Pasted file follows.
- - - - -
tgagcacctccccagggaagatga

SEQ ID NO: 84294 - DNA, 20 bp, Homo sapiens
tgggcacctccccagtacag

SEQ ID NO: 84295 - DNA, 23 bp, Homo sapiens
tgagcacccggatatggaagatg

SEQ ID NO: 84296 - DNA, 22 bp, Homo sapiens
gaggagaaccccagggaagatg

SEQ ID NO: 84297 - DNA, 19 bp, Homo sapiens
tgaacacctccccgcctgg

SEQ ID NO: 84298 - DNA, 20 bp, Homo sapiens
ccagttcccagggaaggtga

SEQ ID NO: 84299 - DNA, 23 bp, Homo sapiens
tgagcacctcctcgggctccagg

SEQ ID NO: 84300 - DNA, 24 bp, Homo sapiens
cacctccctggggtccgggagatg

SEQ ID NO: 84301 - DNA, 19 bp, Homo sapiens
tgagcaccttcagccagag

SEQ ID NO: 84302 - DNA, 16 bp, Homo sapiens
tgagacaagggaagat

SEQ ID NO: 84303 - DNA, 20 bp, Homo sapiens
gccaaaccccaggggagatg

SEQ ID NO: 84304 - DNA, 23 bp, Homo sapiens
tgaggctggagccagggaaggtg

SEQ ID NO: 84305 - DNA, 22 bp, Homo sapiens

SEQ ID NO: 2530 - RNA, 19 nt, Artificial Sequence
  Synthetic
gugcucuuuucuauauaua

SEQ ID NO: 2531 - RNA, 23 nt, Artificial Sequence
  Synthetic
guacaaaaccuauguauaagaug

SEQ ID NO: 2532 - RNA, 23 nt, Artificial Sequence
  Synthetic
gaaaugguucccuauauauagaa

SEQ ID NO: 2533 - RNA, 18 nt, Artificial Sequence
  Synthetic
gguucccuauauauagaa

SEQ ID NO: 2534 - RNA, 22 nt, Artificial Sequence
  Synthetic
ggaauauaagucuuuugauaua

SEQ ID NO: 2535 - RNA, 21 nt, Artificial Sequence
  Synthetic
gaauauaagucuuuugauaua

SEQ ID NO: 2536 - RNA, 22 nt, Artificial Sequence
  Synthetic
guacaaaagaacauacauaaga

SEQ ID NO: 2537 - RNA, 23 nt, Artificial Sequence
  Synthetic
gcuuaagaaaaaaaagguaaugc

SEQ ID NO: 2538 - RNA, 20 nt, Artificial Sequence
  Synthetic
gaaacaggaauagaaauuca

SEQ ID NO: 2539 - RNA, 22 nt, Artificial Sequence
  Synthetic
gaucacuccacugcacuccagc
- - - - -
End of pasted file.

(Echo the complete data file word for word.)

tgagcacctccccagggaagatga

SEQ ID NO: 84294 - DNA, 20 bp, Homo sapiens
tgggcacctccccagtacag

SEQ ID NO: 84295 - DNA, 23 bp, Homo sapiens
tgagcacccggatatggaagatg

SEQ ID NO: 84296 - DNA, 22 bp, Homo sapiens
gaggagaaccccagggaagatg

SEQ ID NO: 84297 - DNA, 19 bp, Homo sapiens
tgaacacctccccgcctgg

SEQ ID NO: 84298 - DNA, 20 bp, Homo sapiens
ccagttcccagggaaggtga

SEQ ID NO: 84299 - DNA, 23 bp, Homo sapiens
tgagcacctcctcgggctccagg

SEQ ID NO: 84300 - DNA, 24 bp, Homo sapiens
cacctccctggggtccgggagatg

SEQ ID NO: 84301 - DNA, 19 bp, Homo sapiens
tgagcaccttcagccagag

SEQ ID NO: 84302 - DNA, 16 bp, Homo sapiens
tgagacaagggaagat

SEQ ID NO: 84303 - DNA, 20 bp, Homo sapiens
gccaaaccccaggggagatg

SEQ ID NO: 84304 - DNA, 23 bp, Homo sapiens
tgaggctggagccagggaaggtg

SEQ ID NO: 84305 - DNA, 22 bp, Homo sapiens

SEQ ID NO: 2530 - RNA, 19 nt, Artificial Sequence
  Synthetic
gugcucuuuucuauauaua

SEQ ID NO: 2531 - RNA, 23 nt, Artificial Sequence
  Synthetic
guacaaaaccuauguauaagaug

SEQ ID NO: 2532 - RNA, 23 nt, Artificial Sequence
  Synthetic
gaaaugguucccuauauauagaa

SEQ ID NO: 2533 - RNA, 18 nt, Artificial Sequence
  Synthetic
gguucccuauauauagaa

SEQ ID NO: 2534 - RNA, 22 nt, Artificial Sequence
  Synthetic
ggaauauaagucuuuugauaua

SEQ ID NO: 2535 - RNA, 21 nt, Artificial Sequence
  Synthetic
gaauauaagucuuuugauaua

SEQ ID NO: 2536 - RNA, 22 nt, Artificial Sequence
  Synthetic
guacaaaagaacauacauaaga

SEQ ID NO: 2537 - RNA, 23 nt, Artificial Sequence
  Synthetic
gcuuaagaaaaaaaagguaaugc

SEQ ID NO: 2538 - RNA, 20 nt, Artificial Sequence
  Synthetic
gaaacaggaauagaaauuca

SEQ ID NO: 2539 - RNA, 22 nt, Artificial Sequence
  Synthetic
gaucacuccacugcacuccagc